These super-sized species are Missouri's biggest. Period. Being gigantic often means being the toughest. That helps these bulky brutes in nature's battles for food, territory, rank, and finding mates.
Male Hercules beetles use their massive horns in epic fights for females. Each beetle’s horns are unique — and grow based on what they ate as babies. Missouri’s biggest beetle is also the strongest animal on Earth (pound for pound), lifting up to 850 times its weight. If you were as strong as a Hercules beetle, you could lift seven school buses! That’s a lot of punch for a beetle that’s only as long as your pinkie.
Elk are Missouri’s most massive mammals, with males tipping the scales at 600 to 1,000 pounds. They use their huge racks to do battle with other bulls to gain control of the herd. A big rack also signals to cows (female elk) that a bull knows where to find food, which is what herd survival is all about.
The bullsnake holds the record for largest snake in Missouri, growing up to 6 feet long. When danger is near, a bullsnake imitates the venomous western diamondback rattler by moving into an S-curve shape, vibrating its tail, and hissing out a convincing rattling sound. Bullsnakes kill their prey by constriction — a tight hug that may be their prey’s last.
Beware! If you’re a crayfish chillin’ in an Ozark stream, stay away from the shadows. The last thing you’ll see before disappearing into the cavernous mouth of Missouri’s largest salamander is a pair of beady eyes lunging from under a big rock. Chomp! A hellbender’s gullet is gigantic — it can swallow crayfish almost half the salamander’s size. Growing to 2 feet long, the hellbender is one slippery giant that doesn’t need good looks to get by.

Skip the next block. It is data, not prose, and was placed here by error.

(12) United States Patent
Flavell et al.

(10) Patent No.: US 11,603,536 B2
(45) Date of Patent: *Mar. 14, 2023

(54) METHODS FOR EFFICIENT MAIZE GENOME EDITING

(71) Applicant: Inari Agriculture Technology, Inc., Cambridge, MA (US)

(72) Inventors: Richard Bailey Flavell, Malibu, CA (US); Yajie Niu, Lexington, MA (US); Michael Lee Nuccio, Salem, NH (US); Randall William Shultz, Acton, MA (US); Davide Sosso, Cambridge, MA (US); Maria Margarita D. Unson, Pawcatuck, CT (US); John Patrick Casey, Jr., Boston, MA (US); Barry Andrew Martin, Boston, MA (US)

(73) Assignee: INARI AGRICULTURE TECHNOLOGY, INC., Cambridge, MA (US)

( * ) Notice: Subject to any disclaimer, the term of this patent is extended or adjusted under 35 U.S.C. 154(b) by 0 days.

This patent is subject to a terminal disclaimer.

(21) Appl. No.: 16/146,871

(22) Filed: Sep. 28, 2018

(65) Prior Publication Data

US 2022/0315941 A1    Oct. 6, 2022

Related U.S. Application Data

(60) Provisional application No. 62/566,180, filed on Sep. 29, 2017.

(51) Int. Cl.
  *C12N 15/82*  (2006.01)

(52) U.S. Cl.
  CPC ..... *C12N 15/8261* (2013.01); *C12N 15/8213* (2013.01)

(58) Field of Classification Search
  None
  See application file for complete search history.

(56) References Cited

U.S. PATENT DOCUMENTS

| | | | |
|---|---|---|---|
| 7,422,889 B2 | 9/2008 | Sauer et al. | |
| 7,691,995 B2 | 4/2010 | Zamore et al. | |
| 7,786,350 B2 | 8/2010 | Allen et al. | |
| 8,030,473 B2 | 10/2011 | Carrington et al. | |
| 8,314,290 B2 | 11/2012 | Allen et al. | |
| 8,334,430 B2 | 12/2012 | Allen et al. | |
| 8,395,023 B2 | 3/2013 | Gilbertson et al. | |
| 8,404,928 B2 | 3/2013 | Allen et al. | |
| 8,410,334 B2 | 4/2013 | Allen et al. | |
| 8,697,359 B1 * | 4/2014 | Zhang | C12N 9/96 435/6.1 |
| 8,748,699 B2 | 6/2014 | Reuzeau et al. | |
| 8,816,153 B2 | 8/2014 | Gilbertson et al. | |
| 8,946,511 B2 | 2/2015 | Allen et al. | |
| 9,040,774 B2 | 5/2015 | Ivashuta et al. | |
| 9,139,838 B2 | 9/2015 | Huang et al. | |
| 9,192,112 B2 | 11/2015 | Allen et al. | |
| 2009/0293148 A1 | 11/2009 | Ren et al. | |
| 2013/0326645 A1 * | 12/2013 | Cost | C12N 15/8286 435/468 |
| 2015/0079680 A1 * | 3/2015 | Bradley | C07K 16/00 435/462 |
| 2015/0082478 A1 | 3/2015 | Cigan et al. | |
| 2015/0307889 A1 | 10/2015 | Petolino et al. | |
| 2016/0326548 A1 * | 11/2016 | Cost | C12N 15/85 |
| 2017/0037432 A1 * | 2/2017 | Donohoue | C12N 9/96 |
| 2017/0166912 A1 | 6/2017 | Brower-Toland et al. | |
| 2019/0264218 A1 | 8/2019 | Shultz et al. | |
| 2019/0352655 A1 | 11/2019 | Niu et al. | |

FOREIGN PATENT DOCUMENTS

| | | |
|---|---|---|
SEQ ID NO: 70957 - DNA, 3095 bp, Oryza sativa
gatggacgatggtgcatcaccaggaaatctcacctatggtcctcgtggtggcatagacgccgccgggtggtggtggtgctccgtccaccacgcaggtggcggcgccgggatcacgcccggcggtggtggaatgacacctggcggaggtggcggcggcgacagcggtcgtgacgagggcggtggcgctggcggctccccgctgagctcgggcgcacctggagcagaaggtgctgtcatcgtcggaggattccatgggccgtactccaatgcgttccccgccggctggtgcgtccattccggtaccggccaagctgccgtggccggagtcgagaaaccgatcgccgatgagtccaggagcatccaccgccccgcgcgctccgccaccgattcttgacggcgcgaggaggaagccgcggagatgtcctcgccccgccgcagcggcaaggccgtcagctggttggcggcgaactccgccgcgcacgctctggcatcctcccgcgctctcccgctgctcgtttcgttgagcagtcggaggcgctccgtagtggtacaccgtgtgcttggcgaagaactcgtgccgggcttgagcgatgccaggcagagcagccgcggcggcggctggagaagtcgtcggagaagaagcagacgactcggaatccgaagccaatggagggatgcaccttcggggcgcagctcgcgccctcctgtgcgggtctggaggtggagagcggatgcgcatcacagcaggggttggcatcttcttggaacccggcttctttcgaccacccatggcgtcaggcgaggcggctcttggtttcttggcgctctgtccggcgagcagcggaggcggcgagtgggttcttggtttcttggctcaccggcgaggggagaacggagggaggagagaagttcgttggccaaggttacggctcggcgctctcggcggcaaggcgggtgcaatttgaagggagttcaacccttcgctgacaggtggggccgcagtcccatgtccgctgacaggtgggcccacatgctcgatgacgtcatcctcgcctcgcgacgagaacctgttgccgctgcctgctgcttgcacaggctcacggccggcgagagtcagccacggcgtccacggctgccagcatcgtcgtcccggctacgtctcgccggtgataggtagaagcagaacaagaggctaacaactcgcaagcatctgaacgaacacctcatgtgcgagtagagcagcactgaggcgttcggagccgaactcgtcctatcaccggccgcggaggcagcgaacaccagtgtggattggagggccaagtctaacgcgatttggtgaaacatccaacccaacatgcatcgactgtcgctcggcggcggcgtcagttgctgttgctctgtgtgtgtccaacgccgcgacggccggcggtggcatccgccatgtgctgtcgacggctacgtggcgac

The biggest bucking bronco of the water world, alligator gar can reach 8 feet long and a whopping 300 pounds. The alligator gar is wrapped in armor-like scales that are so tough Native Americans used them as arrowheads. This toothy titanic has roughly 40 teeth, with a double row on its upper jaw. A gar holds its prey until it’s almost lifeless. Then, in a sudden blast, the gar swims in fast, tight circles to position and swallow its lunch whole.
The pelican’s colossal clamper steals the show. Imagine nabbing a large fish, tossing it into the air, and swallowing it in one gulp without using your hands! Pelicans fish in groups, too. They beat the water with their large wings to drive fish into the shallows and then scoop them up with their brilliant bills. A pelican’s stretchy, orange gular sac can slosh up to 3 gallons of water as the bird gobbles down lunch.
Pelicans are the heavyweights of the feathered world. With wingspans up to 10 feet, these behemoths can soar up to 10,000 feet as they migrate through Missouri in spring and fall. A pelican’s body is taller than most fourth graders, and these hefty feathered flappers are heavier than a pile of school backpacks.
Nichole LeClair Terrill